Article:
As anybody who was around for the housing collapse will remember, nothing bursts a bubble in home prices faster than rising mortgage rates. And while US home prices have surpassed their pre-crisis peak, Canadian home prices have risen much more quickly than home prices in the US, and what’s more, they didn’t see nearly as large of a pullback during the crisis.
Instead, they’ve ridden a wave of hot foreign money to all time highs…
…in the process, leaving housing and construction as one of the focal points of the Canadian economy.
But in the latest sign that home prices could be due for a pullback, Royal Bank of Canada and Toronto-Dominion Bank reported that mortgage lending fell sharply during the fiscal second quarter, compared with a year earlier.
However, a spike in business lending has helped soften the blow to the bank’s bottom line.
But yields on 10-year Canadian bonds have moved higher since the end of last quarter, meaning mortgages would be more expensive now than then.
One analyst said it’s good that the banks are finding more business customers, because with the Bank of Canada and the Federal Reserve raising interest rates, Canadian banks shouldn’t rely on growth from the consumer end.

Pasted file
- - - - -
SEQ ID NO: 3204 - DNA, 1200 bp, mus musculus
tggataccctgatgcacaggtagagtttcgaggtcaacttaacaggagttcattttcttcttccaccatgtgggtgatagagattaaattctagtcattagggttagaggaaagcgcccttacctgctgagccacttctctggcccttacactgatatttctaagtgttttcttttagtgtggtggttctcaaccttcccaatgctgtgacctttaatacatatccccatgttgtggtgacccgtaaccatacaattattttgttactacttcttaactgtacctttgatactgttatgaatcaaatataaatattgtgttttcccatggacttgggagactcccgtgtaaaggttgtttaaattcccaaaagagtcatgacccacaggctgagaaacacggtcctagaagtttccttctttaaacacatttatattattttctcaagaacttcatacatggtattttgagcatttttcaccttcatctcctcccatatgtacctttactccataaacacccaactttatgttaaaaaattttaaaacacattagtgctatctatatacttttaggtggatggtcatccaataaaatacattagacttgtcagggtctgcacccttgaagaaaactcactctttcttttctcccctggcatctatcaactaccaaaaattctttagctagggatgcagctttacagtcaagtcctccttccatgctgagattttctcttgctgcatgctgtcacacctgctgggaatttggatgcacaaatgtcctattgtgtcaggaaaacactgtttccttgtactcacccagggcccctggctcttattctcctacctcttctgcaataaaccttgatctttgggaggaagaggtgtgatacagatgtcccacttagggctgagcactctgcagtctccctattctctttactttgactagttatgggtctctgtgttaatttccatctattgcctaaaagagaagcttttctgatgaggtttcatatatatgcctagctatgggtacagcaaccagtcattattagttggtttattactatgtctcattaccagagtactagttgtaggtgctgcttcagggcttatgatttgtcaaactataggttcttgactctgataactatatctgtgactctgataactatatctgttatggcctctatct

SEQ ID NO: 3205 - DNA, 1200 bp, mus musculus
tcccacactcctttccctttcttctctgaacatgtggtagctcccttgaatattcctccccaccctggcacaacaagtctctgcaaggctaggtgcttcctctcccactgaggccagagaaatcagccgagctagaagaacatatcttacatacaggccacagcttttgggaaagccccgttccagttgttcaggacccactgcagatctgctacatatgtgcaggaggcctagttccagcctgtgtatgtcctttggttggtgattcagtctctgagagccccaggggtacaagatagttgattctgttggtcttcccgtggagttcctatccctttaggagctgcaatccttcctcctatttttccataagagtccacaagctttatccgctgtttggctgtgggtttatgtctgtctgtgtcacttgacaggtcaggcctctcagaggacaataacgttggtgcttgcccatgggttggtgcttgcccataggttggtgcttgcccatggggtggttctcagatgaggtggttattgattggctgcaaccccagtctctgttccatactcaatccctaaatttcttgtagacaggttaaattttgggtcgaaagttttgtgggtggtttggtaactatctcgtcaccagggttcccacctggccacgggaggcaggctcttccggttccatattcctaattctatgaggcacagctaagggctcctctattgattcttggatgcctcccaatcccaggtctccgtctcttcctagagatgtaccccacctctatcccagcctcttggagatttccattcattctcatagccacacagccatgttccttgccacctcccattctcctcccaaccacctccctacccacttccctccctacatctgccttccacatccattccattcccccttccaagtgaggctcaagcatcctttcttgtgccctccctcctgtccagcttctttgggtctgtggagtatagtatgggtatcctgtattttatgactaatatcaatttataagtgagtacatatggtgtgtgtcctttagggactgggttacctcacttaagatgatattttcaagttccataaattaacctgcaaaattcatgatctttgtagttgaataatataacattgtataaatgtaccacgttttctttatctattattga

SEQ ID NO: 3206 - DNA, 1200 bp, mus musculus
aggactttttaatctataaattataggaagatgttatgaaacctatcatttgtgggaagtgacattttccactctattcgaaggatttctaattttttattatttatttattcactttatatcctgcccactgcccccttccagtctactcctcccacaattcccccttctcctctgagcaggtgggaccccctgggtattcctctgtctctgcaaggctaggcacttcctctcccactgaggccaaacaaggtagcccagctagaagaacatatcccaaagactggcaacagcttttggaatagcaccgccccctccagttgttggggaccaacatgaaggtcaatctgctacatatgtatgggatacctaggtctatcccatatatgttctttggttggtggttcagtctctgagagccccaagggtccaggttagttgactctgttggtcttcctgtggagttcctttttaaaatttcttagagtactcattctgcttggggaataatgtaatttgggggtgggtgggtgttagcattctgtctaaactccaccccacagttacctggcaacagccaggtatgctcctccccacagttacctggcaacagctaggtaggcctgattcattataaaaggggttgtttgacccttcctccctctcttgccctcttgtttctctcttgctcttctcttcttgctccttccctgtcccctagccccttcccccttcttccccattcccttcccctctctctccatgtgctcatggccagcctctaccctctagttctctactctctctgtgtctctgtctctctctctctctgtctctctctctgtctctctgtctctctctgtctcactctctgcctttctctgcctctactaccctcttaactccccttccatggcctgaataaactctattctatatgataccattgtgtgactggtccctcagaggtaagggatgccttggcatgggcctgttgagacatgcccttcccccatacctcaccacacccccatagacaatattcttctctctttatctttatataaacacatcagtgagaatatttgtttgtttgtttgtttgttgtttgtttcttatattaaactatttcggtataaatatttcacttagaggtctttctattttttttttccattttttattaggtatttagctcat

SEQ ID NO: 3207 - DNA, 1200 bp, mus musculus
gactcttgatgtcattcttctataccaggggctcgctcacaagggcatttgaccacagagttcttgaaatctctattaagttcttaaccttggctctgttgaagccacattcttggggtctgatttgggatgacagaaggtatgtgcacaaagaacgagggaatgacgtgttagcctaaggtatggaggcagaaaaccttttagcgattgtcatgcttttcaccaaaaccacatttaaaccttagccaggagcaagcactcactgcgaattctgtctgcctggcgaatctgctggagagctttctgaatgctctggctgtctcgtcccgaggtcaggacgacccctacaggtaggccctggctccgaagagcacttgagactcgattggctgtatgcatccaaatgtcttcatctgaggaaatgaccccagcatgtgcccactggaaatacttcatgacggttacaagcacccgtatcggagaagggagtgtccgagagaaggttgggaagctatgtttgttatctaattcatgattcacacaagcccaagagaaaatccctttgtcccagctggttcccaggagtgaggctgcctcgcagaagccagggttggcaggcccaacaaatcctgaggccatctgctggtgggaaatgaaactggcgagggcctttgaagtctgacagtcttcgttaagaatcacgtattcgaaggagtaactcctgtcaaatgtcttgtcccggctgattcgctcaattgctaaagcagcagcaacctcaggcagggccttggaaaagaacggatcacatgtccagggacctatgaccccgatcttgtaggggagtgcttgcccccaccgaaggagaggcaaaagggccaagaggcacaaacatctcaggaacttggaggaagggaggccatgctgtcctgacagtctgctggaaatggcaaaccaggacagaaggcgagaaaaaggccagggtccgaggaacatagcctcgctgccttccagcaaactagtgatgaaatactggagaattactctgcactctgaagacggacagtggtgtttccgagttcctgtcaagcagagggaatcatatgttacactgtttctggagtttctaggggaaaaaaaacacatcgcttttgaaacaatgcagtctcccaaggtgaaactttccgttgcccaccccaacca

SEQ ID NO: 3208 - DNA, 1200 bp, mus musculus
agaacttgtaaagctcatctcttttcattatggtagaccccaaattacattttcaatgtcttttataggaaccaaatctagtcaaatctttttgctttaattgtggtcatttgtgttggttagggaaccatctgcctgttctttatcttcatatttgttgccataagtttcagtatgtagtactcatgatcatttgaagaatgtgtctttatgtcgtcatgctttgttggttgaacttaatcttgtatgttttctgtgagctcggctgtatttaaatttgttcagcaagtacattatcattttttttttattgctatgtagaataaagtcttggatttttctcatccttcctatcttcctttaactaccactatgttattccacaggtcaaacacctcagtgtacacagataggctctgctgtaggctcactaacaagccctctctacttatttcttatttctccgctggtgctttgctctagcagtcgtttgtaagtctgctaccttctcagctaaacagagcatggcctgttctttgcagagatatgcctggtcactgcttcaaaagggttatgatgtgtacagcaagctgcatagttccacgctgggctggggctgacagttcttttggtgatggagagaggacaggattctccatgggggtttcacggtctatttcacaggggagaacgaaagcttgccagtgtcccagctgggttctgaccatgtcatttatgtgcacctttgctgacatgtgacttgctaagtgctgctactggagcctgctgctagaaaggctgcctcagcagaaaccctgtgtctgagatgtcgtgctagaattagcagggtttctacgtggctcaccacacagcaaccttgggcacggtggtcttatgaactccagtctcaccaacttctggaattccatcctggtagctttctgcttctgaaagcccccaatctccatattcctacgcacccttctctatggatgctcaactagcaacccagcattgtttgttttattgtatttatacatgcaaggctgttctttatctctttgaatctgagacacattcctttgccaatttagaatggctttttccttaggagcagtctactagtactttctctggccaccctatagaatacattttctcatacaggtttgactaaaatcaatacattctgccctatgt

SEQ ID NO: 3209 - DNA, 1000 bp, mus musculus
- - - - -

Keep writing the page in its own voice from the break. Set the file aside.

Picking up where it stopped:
“It’s really a favorable macro-economic environment in Canada and the U.S. right now that’s driving really healthy business demand,” Shannon Stemm, an analyst with Edward Jones & Co., said in a phone interview.
“It’s a smart pivot for some of these banks to really focus in on their efforts on the business side when you think about the looming risks and the fact that they’re potentially not getting credit for the growth on the consumer side.”
Other Canadian banks, including the Canadian Imperial Bank of Commerce, which saw its slowest mortgage loan growth in three years during the last quarter, are bracing for consumer loans to shrink.
And while this could be the start of a badly needed deleveraging, it’s equally likely that this could snowball into a debt crisis. The Bank of Canada has recognized these threats, with Stephen Poloz citing housing prices and personal debts as threats to the economy. But that hasn’t stopped him from hiking rates.